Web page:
Last week, after he had launched the Indian International Film Awards (IIFA) in Colombo, an Indian journalist asked Amitabh Bachchan whether he had kept track of the war between government forces and the Tamil Tigers.
It was followed by the larger question on how artists and politics should relate?
Bachchan's answers are usually a mix of humility, occasional wry humour and mock anger seasoned with diplomacy; this time, they were diplomatic.
"Whatever has been coming out in the newspapers and media'' and "I'm apolitical and would like to remain that way'' Bachchan answered.
Probably, Bachchan — or the organising company — didn't see it coming but the reminders of the civil war that had cut up Sri Lanka for decades came to the actor's secure doorstep in Mumbai in less than a week.
"We urge him not to attend the function in Colombo as a symbol of solidarity for the Tamilian cause… Tamils have been subject to atrocities and war crimes perpetrated by the Mahinda Rajapaksa government in that country," C Rajendran, a spokesperson for the hundreds of protesters who landed up in front of Bachchan's residence told IANS.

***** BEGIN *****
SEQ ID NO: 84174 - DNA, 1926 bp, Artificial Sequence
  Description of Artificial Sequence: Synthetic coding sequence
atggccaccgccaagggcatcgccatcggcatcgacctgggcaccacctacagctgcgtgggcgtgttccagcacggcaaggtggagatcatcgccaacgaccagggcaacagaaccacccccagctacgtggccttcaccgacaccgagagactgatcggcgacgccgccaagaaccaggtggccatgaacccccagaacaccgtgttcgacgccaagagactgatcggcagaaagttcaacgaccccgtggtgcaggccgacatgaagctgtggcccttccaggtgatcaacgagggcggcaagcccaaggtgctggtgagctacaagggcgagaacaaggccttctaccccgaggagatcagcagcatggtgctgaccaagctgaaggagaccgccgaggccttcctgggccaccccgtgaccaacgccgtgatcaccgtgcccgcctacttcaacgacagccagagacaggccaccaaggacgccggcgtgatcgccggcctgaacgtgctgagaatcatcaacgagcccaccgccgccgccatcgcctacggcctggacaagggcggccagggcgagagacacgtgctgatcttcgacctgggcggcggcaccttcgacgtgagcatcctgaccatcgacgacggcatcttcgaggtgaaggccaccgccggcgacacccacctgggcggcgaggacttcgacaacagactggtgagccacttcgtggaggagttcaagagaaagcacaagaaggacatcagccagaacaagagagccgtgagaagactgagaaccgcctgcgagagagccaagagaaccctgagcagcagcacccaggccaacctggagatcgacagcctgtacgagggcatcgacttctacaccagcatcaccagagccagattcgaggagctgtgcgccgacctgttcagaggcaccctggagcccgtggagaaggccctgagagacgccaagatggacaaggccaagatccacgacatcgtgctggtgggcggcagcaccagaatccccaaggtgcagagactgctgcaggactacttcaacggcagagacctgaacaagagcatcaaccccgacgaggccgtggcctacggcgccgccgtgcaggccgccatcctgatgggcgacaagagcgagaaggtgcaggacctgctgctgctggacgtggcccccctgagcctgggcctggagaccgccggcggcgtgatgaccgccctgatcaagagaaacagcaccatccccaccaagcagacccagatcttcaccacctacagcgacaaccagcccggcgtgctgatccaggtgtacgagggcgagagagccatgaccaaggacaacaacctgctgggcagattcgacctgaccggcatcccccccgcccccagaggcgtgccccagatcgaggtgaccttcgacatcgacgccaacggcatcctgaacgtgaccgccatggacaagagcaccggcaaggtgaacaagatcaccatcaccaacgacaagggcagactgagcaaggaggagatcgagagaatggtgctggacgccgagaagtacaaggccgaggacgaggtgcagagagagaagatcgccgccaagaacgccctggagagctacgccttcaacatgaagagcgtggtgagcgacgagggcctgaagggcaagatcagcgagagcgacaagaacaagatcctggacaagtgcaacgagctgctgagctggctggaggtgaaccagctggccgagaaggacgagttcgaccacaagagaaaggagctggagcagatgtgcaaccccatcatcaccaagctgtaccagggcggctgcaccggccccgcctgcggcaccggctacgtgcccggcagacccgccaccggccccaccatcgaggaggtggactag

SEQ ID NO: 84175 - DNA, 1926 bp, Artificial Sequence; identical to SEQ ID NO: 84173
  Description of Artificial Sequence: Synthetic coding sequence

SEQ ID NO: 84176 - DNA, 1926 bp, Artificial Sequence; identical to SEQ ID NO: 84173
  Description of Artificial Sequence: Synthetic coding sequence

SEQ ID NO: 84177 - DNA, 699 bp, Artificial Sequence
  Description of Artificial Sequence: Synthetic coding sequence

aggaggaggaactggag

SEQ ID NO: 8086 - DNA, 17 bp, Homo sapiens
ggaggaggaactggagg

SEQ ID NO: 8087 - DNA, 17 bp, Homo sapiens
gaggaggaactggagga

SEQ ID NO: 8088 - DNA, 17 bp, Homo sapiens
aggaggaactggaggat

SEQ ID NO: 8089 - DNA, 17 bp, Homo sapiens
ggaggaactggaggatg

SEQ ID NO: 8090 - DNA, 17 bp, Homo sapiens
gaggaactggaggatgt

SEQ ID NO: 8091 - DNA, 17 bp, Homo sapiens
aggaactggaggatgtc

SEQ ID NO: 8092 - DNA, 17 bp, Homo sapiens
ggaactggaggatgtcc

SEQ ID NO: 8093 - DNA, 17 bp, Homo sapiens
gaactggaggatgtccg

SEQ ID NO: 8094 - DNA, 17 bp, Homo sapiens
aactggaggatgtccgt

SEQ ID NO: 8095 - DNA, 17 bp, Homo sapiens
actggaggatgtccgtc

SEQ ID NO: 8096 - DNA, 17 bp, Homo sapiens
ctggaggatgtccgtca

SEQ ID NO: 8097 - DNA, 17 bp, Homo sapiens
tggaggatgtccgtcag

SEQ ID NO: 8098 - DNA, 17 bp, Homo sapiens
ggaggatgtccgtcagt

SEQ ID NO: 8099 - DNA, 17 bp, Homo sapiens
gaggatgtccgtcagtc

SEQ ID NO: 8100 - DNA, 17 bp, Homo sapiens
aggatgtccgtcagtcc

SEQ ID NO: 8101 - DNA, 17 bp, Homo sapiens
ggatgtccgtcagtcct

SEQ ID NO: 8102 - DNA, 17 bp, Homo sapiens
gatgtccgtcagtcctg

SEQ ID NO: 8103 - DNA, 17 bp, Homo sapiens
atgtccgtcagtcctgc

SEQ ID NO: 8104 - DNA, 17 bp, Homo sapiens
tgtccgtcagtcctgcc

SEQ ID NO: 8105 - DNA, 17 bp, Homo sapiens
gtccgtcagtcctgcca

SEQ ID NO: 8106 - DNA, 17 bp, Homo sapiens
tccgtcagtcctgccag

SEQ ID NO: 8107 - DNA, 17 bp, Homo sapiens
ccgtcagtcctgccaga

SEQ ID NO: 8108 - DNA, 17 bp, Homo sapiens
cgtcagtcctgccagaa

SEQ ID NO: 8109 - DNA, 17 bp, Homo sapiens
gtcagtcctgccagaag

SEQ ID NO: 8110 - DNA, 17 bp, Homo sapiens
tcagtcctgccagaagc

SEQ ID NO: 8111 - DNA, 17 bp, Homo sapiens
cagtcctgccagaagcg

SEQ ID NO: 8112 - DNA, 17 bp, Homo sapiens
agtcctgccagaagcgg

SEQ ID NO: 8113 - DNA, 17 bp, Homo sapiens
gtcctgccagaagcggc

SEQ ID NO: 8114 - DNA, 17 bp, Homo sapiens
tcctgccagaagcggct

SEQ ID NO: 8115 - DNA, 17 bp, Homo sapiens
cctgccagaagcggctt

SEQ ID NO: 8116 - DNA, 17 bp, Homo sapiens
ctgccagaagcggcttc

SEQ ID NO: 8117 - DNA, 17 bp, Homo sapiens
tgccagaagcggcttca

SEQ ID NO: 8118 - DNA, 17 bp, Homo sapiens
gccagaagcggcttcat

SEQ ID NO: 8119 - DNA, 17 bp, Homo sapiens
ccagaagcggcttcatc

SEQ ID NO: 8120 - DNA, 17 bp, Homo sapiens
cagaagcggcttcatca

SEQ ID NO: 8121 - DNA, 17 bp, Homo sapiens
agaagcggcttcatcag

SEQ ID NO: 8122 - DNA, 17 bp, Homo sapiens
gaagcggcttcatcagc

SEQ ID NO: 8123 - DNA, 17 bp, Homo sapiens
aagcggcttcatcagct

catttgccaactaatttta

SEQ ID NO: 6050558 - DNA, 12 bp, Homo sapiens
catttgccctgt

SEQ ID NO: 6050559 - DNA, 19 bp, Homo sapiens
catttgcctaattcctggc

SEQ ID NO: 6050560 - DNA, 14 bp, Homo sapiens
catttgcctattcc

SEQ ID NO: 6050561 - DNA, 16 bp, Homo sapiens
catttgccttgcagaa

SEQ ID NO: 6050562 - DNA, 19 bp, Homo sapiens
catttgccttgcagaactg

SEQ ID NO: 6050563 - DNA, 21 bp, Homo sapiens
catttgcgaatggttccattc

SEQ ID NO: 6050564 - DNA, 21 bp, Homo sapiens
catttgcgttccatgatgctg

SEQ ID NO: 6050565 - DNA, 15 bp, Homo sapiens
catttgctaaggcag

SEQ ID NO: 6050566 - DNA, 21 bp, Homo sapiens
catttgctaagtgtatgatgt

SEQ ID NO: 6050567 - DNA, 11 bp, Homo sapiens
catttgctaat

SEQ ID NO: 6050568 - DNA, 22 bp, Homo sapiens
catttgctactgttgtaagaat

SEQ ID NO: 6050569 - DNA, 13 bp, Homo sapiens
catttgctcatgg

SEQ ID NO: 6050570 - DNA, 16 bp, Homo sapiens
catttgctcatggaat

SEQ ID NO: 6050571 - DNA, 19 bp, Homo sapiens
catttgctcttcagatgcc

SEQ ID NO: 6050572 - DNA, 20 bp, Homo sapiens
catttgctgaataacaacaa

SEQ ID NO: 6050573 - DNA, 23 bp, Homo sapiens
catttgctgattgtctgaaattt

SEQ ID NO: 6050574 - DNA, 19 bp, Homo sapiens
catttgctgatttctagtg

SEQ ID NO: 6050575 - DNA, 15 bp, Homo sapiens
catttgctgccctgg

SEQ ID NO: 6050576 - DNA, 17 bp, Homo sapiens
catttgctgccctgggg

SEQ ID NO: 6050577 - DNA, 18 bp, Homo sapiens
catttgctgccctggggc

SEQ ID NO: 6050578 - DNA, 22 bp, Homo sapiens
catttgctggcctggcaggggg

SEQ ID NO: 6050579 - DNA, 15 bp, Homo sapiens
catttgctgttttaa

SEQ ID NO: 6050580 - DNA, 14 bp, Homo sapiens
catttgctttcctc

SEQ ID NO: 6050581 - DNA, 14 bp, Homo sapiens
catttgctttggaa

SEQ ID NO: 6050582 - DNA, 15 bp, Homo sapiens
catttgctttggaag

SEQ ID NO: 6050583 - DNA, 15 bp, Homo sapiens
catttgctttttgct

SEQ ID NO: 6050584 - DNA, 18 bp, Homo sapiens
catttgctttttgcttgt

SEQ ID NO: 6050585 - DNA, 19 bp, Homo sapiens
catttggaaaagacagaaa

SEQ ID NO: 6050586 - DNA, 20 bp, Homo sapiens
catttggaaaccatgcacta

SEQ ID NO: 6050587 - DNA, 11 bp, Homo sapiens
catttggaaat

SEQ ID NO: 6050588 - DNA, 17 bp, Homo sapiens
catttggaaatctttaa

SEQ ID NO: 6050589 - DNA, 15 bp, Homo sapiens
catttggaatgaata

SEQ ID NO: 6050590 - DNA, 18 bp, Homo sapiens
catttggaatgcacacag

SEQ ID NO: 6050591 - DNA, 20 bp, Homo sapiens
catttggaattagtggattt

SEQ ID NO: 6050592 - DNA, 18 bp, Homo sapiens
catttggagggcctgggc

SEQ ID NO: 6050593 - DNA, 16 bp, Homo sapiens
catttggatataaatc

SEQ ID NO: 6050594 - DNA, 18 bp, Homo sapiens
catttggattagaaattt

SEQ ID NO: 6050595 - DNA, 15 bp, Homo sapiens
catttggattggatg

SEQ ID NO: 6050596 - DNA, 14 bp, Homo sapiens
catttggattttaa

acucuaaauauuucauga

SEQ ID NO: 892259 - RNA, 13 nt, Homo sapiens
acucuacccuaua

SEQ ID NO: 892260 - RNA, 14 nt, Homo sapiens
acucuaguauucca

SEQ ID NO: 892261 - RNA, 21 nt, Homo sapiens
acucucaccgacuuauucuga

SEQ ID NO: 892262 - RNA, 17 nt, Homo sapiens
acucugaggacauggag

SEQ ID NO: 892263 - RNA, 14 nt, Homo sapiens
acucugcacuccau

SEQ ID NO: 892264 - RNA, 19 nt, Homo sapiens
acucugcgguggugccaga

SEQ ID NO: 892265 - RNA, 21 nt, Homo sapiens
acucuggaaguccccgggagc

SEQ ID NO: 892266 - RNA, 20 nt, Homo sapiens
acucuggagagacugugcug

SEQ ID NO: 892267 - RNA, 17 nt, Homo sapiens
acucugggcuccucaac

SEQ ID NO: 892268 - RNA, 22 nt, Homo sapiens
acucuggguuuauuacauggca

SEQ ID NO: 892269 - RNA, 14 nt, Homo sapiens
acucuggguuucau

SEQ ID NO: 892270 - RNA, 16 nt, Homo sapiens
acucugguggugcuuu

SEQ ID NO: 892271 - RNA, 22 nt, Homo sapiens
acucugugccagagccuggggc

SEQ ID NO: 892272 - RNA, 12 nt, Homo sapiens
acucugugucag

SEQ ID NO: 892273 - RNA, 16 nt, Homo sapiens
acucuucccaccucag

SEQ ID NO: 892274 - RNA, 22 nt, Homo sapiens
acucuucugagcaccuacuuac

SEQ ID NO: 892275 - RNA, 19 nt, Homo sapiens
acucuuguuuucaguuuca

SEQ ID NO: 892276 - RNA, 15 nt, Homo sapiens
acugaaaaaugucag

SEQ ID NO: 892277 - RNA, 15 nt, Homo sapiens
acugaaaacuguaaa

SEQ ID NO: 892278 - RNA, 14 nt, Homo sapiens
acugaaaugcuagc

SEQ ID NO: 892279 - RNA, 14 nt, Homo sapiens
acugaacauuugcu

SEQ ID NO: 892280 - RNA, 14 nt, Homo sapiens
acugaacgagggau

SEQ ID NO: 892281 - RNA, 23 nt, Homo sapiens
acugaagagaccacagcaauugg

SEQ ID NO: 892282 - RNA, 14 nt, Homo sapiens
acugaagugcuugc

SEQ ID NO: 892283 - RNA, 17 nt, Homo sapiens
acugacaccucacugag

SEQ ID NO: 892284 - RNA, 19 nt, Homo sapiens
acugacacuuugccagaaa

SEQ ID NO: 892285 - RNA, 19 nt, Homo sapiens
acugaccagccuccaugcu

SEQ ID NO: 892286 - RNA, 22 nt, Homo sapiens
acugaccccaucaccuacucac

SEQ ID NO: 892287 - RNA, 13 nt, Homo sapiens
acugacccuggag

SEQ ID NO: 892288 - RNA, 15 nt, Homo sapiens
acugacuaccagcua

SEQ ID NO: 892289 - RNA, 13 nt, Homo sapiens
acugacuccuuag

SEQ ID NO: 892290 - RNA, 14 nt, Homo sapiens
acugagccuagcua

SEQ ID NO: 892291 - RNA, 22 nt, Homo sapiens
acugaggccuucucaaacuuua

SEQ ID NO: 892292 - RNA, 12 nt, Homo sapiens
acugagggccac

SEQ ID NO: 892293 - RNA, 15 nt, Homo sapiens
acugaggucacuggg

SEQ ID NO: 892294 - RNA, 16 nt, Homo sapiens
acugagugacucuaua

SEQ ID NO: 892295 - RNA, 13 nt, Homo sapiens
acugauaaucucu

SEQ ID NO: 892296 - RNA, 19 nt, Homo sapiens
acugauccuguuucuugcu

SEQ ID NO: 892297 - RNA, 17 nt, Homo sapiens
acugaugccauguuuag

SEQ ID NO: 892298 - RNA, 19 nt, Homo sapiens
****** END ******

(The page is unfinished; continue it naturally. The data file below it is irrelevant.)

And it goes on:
The protests would seem surprising to some because even at the peak of the war in 2008-09 there was hardly any demonstration against it in India outside Tamil Nadu.
The Tamil diaspora joined in too. The Canadian Tamil Congress Sunday said, "Amitabh is a great hero for us in the Tamil diaspora, but we are very disturbed and profoundly saddened by our hero's proposed visit to a regime.''
Bachchan promptly — but again with much diplomacy — wrote in his blog that the "sentiments of all must be respected and I hope that we can plan and execute that with understanding, peace and grace."
The awards are slated for the first week of June. It would be one of the biggest events in Sri Lanka's entertainment history and maybe give a required push to tourism. But where "understanding, peace and grace'' fits into the glitzy show and the raw memories of a civil war remains to be seen.